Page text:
As Oahu’s homeless population grows, so has the number of low-level, nonviolent offenses that are helping to perpetuate homelessness while clogging up the courts.
So the U.S. Department of Justice has awarded $200,000 to the Honolulu prosecutor’s office to kick-start a proposed mobile court aimed at clearing the court docket of thousands of homeless defendants who don’t show up and end up accruing bench warrants and additional penalties that keep them from getting jobs or housing.
Typical homeless defendants cited for low-level crimes fail to appear 40 percent of the time, Prosecutor Keith Kaneshiro said Wednesday.
“They don’t come to court, so we take the court to them,” Kaneshiro said. “We want to get rid of all of these cases that are clogging up the system.”
The grant from the Department of Justice’s Bureau of Justice Assistance was one of 10 awarded around the country. It’s intended to help create a new system on Oahu in which a District Court judge, deputy prosecutor, deputy public defender, paralegals and social service caseworkers would travel to community centers near homeless encampments and process as many as 60 cases at a time that otherwise would not be heard.
“It’s a new concept,” said Public Defender Jack Tonaki. “We’re trying to be part of the overall solution of this really pressing problem that’s getting out of control, almost.”
Caseworkers would identify defendants for the public defender’s office, which would work with the prosecutor’s office on plea deals that typically result in an immediate sentence of a day of community service, such as cleaning up graffiti and litter, Kaneshiro said.
The court process is intended to run quickly and not create burdensome penalties such as fines or incarceration that are unlikely to be fulfilled by homeless defendants, Kaneshiro said.
But the judge also could order homeless defendants into a shelter, where they could get social service help with problems that could include drug and alcohol abuse, as well as assistance with job training or housing, Kaneshiro said.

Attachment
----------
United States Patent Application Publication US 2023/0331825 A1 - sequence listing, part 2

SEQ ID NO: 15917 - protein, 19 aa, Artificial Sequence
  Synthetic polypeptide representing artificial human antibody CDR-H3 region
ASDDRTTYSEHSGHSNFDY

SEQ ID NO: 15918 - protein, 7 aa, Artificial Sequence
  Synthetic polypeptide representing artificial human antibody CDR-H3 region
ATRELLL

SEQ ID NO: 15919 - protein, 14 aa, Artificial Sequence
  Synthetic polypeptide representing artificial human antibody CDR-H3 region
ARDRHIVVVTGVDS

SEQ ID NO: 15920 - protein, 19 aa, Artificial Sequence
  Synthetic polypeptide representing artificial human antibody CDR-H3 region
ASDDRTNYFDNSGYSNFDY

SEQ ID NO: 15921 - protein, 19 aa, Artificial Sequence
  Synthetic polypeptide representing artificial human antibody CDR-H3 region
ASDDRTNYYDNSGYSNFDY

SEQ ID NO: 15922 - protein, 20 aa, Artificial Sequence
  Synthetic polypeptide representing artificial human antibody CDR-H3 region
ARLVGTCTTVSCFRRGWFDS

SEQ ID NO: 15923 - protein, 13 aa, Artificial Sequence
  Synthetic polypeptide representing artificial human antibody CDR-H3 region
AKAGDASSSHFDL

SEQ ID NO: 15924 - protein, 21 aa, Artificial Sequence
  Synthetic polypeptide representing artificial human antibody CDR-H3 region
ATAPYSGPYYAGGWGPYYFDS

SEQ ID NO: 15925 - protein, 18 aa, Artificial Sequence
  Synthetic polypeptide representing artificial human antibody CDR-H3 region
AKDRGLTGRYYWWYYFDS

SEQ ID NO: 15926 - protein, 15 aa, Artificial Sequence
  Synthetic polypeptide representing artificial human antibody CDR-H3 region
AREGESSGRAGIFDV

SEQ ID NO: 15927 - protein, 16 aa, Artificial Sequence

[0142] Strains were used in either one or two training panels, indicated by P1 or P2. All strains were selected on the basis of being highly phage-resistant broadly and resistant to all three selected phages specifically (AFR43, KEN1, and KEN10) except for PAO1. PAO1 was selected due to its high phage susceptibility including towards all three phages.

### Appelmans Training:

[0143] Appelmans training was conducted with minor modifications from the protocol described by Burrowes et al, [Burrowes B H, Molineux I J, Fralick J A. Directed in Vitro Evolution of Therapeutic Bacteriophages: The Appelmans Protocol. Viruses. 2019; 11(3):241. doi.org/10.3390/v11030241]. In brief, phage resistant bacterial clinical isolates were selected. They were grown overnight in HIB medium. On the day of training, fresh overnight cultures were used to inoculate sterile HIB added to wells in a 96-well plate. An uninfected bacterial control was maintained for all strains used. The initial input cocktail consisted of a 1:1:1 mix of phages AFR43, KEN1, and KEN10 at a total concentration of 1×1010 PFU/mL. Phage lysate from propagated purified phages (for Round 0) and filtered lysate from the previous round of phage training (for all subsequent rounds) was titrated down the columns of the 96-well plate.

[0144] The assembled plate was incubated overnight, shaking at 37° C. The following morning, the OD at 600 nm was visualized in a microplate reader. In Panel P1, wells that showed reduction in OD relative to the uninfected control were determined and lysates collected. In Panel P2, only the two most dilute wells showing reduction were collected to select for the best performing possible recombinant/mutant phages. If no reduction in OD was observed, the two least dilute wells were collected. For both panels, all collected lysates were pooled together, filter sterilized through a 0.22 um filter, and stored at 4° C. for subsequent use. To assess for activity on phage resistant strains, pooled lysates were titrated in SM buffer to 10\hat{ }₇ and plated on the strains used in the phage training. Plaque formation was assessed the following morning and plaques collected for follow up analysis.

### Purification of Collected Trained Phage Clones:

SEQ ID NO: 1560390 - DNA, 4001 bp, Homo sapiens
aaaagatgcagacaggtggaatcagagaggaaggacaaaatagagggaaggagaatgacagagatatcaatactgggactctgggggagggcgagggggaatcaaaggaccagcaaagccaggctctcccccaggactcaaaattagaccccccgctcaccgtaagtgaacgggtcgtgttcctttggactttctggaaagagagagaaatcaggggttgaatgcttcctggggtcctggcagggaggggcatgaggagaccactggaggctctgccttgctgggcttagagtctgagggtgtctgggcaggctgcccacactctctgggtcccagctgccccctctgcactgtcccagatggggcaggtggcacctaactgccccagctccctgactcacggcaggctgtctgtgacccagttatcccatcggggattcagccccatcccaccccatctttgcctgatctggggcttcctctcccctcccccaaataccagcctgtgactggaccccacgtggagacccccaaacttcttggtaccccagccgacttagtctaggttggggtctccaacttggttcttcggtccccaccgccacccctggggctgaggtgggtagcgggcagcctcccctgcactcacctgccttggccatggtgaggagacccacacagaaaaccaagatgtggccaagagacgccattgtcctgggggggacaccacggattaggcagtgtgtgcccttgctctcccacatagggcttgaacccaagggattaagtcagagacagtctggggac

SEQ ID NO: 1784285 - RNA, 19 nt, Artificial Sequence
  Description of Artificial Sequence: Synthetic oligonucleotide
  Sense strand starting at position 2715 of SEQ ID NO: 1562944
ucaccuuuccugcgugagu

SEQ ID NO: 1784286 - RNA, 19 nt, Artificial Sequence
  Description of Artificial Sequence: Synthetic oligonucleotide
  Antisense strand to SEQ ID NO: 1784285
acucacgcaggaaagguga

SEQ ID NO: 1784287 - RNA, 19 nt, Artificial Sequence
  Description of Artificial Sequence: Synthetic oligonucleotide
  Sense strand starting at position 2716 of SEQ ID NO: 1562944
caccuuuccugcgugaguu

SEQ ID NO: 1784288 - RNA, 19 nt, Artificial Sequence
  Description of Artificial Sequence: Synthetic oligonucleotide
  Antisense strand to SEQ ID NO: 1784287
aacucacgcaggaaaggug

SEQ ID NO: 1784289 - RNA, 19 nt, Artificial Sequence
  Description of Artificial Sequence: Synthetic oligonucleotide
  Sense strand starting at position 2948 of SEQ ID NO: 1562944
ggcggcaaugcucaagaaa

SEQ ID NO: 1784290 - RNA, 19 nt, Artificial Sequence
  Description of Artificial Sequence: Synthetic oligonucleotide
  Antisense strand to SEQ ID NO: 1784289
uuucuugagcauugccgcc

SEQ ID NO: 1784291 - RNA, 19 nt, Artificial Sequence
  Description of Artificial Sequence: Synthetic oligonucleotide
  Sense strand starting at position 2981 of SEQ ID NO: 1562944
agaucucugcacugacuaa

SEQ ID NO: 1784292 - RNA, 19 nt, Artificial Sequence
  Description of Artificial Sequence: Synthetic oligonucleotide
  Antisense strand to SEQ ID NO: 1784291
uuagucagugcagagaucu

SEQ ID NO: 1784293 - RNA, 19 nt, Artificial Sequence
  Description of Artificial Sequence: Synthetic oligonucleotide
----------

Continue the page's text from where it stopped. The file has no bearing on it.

“If there’s a violation of the law, there has to be consequences,” Kaneshiro said. “At the same time, being reasonable, we don’t want to criminalize homelessness.”
Whether the mobile court system gets up and running depends on the future of Senate Bill 2569.
If approved by state lawmakers, it authorizes annual funding of $612,000 — $182,000 for the state Judiciary; $260,000 for the public defender’s office, which will hire outreach workers; and $170,000 for the prosecutor’s office, Kaneshiro said.
The proposed Oahu mobile court is loosely based on a program in San Diego that sets up court in homeless shelters, Kaneshiro said.
The Honolulu model would take the court out to the island’s many homeless encampments, where social service outreach workers would identify large groups of people with outstanding court cases.
For homeless defendants, the mobile court would serve as an opportunity to clear cases that otherwise could prevent them from finding jobs or permanent housing, said Tonaki.
“The number of these types of offenses that traditionally have affected the homeless population has just skyrocketed within the last two or three years — cases like trespassing, sidewalk violations, closed park hours, criminal littering, drinking in public,” Tonaki said. “Many of the people who are affected by these cases don’t have the means to get to court or when they get their paperwork or citation, the paperwork gets lost and they have no idea when the court date is. Having outstanding warrants or outstanding court cases prevents a person from getting a lot of the necessary documentation and paperwork to find jobs and to get into housing. This is a situation that snowballs and just perpetuates homelessness. So let’s take the court out to them and see if we can resolve a lot of these outstanding cases.”
Last year Kaneshiro’s office said there were 8,067 park-rule violations alone.
“We all agree that these are defendants that don’t need to serve any jail time,” Tonaki said. “Let’s let them clear off their cases and start off with a clean slate.”